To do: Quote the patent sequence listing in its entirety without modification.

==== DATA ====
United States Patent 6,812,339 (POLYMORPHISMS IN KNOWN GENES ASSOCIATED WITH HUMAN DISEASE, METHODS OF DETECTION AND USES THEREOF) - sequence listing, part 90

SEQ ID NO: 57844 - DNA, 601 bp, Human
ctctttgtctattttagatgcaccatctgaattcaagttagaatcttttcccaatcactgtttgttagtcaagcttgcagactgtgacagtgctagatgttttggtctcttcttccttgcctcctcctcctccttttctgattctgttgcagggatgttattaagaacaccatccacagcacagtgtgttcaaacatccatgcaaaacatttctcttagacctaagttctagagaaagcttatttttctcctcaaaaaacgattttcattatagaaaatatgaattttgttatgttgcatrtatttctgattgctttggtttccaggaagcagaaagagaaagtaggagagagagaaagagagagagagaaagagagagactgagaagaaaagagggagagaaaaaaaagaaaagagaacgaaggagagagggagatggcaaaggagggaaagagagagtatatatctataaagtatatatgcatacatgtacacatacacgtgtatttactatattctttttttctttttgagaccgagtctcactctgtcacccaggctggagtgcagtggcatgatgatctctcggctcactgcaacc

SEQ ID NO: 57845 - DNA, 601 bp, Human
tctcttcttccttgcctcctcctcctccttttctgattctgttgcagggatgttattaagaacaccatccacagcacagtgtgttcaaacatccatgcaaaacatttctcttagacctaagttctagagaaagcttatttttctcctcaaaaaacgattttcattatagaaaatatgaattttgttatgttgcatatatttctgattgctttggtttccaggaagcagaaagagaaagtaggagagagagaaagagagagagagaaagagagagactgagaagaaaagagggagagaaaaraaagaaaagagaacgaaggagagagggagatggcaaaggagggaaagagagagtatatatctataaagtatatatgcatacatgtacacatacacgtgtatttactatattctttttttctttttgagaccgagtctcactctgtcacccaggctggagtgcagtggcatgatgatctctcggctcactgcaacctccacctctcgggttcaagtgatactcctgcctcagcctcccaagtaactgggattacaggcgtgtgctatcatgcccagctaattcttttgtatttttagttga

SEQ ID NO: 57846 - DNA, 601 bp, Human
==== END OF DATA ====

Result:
United States Patent 6,812,339 (POLYMORPHISMS IN KNOWN GENES ASSOCIATED WITH HUMAN DISEASE, METHODS OF DETECTION AND USES THEREOF) - sequence listing, part 90

SEQ ID NO: 57844 - DNA, 601 bp, Human
ctctttgtctattttagatgcaccatctgaattcaagttagaatcttttcccaatcactgtttgttagtcaagcttgcagactgtgacagtgctagatgttttggtctcttcttccttgcctcctcctcctccttttctgattctgttgcagggatgttattaagaacaccatccacagcacagtgtgttcaaacatccatgcaaaacatttctcttagacctaagttctagagaaagcttatttttctcctcaaaaaacgattttcattatagaaaatatgaattttgttatgttgcatrtatttctgattgctttggtttccaggaagcagaaagagaaagtaggagagagagaaagagagagagagaaagagagagactgagaagaaaagagggagagaaaaaaaagaaaagagaacgaaggagagagggagatggcaaaggagggaaagagagagtatatatctataaagtatatatgcatacatgtacacatacacgtgtatttactatattctttttttctttttgagaccgagtctcactctgtcacccaggctggagtgcagtggcatgatgatctctcggctcactgcaacc

SEQ ID NO: 57845 - DNA, 601 bp, Human
tctcttcttccttgcctcctcctcctccttttctgattctgttgcagggatgttattaagaacaccatccacagcacagtgtgttcaaacatccatgcaaaacatttctcttagacctaagttctagagaaagcttatttttctcctcaaaaaacgattttcattatagaaaatatgaattttgttatgttgcatatatttctgattgctttggtttccaggaagcagaaagagaaagtaggagagagagaaagagagagagagaaagagagagactgagaagaaaagagggagagaaaaraaagaaaagagaacgaaggagagagggagatggcaaaggagggaaagagagagtatatatctataaagtatatatgcatacatgtacacatacacgtgtatttactatattctttttttctttttgagaccgagtctcactctgtcacccaggctggagtgcagtggcatgatgatctctcggctcactgcaacctccacctctcgggttcaagtgatactcctgcctcagcctcccaagtaactgggattacaggcgtgtgctatcatgcccagctaattcttttgtatttttagttga

SEQ ID NO: 57846 - DNA, 601 bp, Human